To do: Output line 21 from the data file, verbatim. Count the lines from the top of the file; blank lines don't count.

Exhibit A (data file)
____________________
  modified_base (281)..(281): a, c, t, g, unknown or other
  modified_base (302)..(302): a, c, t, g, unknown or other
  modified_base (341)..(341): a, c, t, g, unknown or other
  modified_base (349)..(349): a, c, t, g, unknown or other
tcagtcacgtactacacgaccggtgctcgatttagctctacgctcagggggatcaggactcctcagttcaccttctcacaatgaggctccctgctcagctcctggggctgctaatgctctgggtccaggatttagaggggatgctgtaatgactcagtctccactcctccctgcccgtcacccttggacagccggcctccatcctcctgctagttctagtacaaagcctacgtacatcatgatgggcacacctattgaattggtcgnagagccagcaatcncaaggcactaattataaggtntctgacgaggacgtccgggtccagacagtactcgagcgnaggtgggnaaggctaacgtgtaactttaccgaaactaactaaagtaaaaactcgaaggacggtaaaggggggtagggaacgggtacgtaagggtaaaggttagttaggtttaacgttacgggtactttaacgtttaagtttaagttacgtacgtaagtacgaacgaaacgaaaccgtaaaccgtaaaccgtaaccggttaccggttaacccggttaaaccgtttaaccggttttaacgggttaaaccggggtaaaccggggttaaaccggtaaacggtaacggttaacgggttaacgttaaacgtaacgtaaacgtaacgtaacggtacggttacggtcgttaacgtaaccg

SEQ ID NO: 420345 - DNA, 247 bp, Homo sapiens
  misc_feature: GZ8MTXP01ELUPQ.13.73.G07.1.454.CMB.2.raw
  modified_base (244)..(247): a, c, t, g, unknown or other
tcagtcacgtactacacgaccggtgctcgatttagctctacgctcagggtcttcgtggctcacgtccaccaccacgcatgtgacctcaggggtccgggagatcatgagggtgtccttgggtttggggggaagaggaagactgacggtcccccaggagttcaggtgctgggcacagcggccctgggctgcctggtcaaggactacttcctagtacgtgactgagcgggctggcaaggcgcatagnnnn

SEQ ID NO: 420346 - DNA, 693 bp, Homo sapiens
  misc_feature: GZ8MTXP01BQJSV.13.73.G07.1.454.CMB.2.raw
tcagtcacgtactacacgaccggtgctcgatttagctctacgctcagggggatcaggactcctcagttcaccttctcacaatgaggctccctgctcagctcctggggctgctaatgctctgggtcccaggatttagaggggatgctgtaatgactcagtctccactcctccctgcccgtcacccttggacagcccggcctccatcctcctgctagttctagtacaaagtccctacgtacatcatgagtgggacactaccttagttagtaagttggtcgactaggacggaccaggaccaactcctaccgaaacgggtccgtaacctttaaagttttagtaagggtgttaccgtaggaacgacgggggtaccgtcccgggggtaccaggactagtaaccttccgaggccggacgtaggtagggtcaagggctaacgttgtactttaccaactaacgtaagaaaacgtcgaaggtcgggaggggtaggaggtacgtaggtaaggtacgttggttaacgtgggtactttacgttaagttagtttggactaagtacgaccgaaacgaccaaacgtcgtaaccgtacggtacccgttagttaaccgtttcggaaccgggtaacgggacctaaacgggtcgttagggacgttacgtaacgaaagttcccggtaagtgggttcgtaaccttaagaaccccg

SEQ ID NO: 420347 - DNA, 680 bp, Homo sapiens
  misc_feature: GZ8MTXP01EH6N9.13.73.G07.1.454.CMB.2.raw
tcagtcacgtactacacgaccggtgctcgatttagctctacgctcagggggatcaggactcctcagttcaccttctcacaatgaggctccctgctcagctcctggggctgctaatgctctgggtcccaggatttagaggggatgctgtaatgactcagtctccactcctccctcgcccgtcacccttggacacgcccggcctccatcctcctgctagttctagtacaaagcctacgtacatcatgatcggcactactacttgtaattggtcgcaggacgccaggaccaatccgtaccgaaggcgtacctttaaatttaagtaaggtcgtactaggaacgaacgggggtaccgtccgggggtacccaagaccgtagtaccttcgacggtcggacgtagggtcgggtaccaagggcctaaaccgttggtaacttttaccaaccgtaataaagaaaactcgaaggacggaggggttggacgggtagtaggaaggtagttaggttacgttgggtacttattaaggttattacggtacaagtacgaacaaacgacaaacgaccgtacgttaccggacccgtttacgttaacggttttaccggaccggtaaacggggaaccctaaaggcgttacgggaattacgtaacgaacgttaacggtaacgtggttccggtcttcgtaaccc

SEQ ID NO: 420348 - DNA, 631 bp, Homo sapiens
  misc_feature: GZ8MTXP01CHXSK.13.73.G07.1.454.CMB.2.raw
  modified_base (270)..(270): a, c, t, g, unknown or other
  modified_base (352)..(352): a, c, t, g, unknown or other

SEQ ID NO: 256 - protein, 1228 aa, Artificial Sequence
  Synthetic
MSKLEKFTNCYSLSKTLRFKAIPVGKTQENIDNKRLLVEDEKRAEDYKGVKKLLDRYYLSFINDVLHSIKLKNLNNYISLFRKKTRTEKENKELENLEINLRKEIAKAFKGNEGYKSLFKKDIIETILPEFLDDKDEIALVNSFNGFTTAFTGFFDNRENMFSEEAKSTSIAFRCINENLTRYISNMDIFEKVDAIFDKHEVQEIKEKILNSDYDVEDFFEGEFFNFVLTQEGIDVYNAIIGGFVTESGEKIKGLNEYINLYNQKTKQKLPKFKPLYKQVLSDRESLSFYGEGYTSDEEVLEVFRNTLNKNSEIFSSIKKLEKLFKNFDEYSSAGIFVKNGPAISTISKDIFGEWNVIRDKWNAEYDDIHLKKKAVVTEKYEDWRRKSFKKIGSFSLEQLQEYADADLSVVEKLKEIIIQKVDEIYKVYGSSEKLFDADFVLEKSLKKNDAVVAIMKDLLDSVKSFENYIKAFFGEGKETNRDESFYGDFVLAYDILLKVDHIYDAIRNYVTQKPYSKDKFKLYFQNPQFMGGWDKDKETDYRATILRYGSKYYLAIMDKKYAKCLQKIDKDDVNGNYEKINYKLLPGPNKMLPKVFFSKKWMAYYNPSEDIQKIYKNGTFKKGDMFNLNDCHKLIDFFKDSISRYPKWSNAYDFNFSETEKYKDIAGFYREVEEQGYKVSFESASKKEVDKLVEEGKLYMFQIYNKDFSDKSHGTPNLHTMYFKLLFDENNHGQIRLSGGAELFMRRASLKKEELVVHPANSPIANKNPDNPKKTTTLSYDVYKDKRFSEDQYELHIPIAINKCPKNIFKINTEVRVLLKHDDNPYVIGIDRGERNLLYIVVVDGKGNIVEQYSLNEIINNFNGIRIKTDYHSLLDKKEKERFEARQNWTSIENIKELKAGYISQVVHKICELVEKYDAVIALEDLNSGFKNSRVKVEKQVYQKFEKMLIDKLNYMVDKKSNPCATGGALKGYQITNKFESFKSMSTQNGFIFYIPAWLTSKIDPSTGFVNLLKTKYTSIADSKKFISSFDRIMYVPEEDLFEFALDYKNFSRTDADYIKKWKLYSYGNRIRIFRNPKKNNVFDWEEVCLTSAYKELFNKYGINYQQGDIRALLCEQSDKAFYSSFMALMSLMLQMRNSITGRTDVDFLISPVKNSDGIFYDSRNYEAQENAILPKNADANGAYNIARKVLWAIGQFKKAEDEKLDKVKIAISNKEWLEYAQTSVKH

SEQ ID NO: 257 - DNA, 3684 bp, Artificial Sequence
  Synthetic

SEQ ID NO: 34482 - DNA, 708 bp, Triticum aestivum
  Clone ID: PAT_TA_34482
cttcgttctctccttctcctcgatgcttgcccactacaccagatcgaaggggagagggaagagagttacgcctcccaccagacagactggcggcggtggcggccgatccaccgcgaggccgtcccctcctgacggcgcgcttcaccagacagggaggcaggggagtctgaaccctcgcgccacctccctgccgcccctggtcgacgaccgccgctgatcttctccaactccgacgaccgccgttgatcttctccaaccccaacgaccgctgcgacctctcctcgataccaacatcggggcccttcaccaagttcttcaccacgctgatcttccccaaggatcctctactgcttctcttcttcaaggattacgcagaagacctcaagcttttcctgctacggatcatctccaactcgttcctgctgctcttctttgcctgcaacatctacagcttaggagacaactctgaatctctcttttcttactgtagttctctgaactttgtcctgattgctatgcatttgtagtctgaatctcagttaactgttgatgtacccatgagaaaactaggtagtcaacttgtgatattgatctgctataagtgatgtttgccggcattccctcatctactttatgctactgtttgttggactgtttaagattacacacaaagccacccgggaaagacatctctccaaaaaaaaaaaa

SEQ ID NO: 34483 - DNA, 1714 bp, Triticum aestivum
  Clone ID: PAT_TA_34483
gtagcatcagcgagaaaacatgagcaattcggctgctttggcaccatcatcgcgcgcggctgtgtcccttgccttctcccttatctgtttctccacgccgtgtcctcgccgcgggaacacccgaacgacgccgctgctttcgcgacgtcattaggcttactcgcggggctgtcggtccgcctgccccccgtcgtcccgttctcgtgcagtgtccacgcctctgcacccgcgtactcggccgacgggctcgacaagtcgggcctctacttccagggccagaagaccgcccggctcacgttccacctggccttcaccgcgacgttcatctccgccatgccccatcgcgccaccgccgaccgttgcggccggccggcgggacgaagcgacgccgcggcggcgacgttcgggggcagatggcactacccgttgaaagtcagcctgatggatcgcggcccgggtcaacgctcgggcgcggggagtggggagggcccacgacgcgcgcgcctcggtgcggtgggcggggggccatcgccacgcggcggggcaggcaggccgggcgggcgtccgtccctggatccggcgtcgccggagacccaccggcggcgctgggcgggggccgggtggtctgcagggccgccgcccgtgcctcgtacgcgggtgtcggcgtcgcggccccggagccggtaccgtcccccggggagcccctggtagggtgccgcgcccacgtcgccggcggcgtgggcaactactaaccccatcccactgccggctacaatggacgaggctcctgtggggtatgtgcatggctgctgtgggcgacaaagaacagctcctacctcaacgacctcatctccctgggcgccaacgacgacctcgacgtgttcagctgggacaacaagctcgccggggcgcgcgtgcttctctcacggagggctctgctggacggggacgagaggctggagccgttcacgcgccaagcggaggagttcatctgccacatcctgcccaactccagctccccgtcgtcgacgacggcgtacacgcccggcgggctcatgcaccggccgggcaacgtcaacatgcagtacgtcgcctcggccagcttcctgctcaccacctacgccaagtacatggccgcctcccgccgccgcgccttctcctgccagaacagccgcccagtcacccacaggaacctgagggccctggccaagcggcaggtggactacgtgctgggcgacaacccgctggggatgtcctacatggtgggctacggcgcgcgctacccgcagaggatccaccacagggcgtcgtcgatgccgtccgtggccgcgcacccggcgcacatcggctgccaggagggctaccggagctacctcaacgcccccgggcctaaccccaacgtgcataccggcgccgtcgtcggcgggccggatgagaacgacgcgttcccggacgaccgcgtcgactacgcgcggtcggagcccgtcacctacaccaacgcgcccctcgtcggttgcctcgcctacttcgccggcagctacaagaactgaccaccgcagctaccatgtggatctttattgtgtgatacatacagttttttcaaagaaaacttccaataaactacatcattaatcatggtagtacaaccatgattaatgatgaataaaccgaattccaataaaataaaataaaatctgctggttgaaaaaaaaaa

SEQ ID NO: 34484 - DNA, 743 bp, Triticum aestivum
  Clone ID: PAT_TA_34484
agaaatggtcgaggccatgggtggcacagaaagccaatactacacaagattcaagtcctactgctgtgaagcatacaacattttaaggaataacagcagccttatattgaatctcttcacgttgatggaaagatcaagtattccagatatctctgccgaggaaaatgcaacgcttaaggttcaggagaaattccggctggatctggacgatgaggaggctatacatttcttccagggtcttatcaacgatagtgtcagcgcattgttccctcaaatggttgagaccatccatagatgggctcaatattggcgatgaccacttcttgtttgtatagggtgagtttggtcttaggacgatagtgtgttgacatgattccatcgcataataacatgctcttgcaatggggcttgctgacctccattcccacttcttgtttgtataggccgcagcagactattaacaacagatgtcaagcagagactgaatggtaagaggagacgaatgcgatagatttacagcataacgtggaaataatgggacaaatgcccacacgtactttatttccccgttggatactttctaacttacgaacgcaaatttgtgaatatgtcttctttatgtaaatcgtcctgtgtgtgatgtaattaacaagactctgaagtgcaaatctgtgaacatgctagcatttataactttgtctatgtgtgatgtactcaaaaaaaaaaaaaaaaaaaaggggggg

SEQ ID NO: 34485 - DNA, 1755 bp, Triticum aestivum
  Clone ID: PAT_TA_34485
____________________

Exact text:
  Synthetic